Parallel Lines is a multi-disciplinary interactive art installation and social engagement project encompassing:
*Perceptions* — a series of photo-based encaustic paintings centred around a prison bed from the former Kingston Penitentiary for Women; a standard-issue prison suitcase; and an individual
*15 Minutes of Fame* and *Fragile* — two interactive sculpture installations featuring: prison beds; performance; and Visitor participation
*Sharing Circles* and *Solitary* — storytelling sessions; interactive video; and workshops
About the Work
In the 1980’s, working with Canadian Association in Solidarity with Native Peoples, I met a youth, Jimmy, who told me that by age sixteen he had lived in fourteen foster homes; and one day, deeply depressed, figuring no one wanted him — he threw a shovel through a jeweller’s window convinced — at least he’d be wanted in jail.
His story haunted me.
We create a prison for ourselves through our beliefs.
Years later — wrestling with alienation and depression; racism, sexism; and the shame and guilt resulting from emotional abuse and sexual assault — I finally began to heal when I realized that I too had effectively created a prison for myself based on my own beliefs and constricted ideas of how life should be.
Facing death and struggling with suicide, both personally and that of close friends, I found solace and freedom of expression in sculpture and painting.
I began to see that the choices we make are governed by a subjective perception of reality. This found expression in my work.
In 2004 I was commissioned to create works with materials recycled from government buildings. Correctional Services Canada asked if I might do anything with prison beds recovered from the former Kingston Penitentiary for Women.
I created the interactive sculpture installation — *15 Minutes of Fame* — in honour of Jimmy and conceived Parallel Lines —
— a catalyst for community engagement; a multi-faceted forum for expression and discussion; and a provocative look at identity, alienation and the imprisonment of women through cultural expectations and social imperatives.
The title Parallel Lines refers to the bars of the physical, emotional and psychological prisons where all of us periodically find ourselves; and to how — drawing in one-point perspective —parallel lines appear to converge in the distance: just as seemingly opposing view-points can converge with a new perspective.
Parallel Lines is a personal meditation on our tendency to imprison ourselves and others through our beliefs and choices; and a reflection on the journey necessary for us to free ourselves and grow stronger.
a photo-based encaustic painting series exploring perception, reality and choice.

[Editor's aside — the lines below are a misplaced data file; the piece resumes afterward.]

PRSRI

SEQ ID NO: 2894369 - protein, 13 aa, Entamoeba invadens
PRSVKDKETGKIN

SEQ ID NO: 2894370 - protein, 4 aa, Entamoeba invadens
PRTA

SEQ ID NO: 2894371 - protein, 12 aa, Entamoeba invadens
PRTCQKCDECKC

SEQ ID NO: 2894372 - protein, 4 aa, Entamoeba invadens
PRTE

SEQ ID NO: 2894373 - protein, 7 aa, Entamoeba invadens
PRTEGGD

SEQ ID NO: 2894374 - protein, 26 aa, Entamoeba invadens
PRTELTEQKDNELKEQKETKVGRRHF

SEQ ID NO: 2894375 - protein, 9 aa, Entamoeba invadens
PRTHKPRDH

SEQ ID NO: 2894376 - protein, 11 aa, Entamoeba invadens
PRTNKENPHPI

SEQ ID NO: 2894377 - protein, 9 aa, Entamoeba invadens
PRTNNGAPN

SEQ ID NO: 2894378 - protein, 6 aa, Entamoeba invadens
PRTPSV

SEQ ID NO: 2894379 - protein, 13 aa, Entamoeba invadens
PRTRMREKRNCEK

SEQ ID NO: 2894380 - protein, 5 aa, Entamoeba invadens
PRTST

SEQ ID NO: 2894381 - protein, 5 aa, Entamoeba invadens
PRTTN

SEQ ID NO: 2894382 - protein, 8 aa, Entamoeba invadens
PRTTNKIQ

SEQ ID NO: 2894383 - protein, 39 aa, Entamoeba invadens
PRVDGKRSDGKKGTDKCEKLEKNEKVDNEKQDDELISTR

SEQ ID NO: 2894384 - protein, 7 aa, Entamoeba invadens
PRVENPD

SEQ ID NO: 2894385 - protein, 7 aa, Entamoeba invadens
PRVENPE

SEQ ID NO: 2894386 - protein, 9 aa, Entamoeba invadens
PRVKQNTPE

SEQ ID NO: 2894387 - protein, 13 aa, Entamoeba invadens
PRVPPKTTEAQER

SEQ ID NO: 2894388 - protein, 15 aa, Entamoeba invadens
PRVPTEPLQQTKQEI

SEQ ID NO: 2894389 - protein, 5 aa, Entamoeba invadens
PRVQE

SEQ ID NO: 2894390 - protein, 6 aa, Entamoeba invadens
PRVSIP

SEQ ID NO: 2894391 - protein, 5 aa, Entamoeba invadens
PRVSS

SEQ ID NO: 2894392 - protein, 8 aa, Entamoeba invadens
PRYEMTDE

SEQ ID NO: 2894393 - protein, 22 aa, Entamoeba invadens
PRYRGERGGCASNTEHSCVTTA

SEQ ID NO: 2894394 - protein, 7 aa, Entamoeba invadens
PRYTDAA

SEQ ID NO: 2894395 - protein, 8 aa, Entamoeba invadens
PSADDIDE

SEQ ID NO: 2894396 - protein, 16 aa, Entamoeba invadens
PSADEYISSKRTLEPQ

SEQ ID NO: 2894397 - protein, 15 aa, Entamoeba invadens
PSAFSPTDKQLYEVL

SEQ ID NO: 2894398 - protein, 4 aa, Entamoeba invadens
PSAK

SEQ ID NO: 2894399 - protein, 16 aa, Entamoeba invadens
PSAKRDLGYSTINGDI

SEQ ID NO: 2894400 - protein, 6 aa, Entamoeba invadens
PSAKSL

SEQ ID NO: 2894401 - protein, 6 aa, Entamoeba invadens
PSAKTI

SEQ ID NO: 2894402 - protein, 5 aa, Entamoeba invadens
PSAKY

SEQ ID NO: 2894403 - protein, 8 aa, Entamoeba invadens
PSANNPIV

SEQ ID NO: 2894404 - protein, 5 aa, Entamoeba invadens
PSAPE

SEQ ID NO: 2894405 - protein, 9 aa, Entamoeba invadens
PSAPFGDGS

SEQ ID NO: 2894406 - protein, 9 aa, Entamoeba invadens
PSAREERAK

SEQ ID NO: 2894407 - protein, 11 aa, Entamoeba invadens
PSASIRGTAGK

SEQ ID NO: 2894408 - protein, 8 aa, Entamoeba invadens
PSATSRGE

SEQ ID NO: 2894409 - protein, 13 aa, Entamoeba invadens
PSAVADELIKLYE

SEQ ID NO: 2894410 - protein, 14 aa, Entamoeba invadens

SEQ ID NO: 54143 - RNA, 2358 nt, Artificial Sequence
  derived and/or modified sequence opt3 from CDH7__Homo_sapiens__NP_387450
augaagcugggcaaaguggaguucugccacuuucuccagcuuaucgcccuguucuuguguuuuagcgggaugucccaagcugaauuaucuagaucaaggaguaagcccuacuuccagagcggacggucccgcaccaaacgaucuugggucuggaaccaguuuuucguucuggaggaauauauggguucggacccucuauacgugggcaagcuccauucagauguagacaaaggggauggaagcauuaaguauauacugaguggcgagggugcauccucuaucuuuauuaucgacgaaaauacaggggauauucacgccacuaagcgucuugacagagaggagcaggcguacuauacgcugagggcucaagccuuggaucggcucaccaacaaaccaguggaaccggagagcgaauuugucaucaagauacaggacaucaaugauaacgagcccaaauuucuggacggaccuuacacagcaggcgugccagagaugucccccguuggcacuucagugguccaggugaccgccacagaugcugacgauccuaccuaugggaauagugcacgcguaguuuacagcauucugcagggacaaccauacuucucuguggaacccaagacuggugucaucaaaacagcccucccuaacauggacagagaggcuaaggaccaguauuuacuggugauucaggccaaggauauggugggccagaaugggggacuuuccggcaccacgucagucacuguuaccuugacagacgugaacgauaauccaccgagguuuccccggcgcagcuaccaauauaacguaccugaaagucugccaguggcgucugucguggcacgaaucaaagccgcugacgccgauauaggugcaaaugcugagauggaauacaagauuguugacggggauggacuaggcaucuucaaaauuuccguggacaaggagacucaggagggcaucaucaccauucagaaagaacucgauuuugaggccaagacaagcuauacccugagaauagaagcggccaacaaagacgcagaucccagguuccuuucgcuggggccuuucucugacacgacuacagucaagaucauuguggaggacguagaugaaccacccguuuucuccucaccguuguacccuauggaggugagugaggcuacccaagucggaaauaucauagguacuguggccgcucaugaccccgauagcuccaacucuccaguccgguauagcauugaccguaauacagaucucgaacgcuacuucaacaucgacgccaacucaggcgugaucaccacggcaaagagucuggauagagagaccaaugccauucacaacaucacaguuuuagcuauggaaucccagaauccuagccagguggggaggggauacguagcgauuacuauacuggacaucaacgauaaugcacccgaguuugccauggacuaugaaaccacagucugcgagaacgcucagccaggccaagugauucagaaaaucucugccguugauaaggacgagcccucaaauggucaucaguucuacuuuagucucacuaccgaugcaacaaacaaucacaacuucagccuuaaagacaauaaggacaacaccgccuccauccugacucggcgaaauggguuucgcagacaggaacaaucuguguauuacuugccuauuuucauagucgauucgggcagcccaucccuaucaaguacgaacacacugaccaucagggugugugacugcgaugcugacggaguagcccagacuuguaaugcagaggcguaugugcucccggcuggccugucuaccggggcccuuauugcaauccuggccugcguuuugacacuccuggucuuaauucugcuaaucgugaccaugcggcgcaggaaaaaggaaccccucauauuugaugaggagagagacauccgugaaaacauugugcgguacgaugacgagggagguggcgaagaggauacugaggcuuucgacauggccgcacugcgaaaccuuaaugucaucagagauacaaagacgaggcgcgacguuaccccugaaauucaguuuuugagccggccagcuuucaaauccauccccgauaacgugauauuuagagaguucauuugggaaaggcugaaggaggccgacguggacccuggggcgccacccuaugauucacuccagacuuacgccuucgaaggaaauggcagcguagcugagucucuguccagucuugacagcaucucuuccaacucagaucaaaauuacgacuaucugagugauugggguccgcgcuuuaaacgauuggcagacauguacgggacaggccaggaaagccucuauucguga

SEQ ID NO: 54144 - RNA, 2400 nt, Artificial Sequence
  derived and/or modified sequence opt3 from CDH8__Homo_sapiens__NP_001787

Featuring the prison bed, suitcase, and myself in various environments around the city of Toronto, the paintings are deliberately ambiguous, at times surreal and at times disquieting — provoking questions for the Visitor to interpret and explore.
Our perspective, inevitably limited, frames us — affecting and reining in our life choices. White corners in each work indicate the underlying photo edges; reference the photo corners of old photo albums; and allude to how we believe and frame our ‘reality.
*15 Minutes of Fame*
an interactive installation featuring:
— a prison bed; prison suitcase and an individual, with Artist-facilitated Question & Answer sessions.
— Visitors open a standard-issue orange “get-out-of jail” suitcase containing various personal items; consider and then arrange these objects on or around the bed to create their own personal artistic statement.
— Visitors then discuss with onlookers: what they are aiming to express; why they choose to arrange the objects as they have; and how they feel about the entire experience.
an interactive sculpture installation featuring:
— a series of black metal prison beds (arranged as if in a dormitory) and
— a path of eggshells upon which Visitors may walk (hand in hand with me, or alone) each of us silently acknowledging our own private histories; the fragile nature of memory and emotion; and the uneasy path we all must navigate in order to escape our prisons and find healing.
— Visitors may also write a memory or message on vellum, crumple the vellum and add it to the path of eggshells.
Artist-facilitated discussion sessions
— people of all cultures, ages and socio/economic backgrounds share stories; and consider various symbols (bed, suitcase, frame, prison) from an artistic, emotional, social, psychological, spiritual and cultural perspective.
Building bridges in communities, we cultivate empathy — countering the racism, sexism and intolerance in our world.
These sessions can be presented in collaboration with local Health Authorities to provide mental health support workers for Visitors, during or following exhibitions, should people become emotionally affected by the work.
an interactive video experience — where Visitors recount and document their own stories.
The resulting videos — which I will create in consultation with the participants — become legacy pieces for each gallery or museum, documenting the oral histories of their communities.
These works will also be accessible online.
Discussion and interaction is key in Parallel Lines.
I am available to activate the exhibition as Artist-in-Residence: performing; interacting with Visitors; facilitating Sharing Circles; recording video testimonials; conducting Artist Talks and walk-throughs; and directing workshops at the galleries or in the community — for the duration of the exhibition.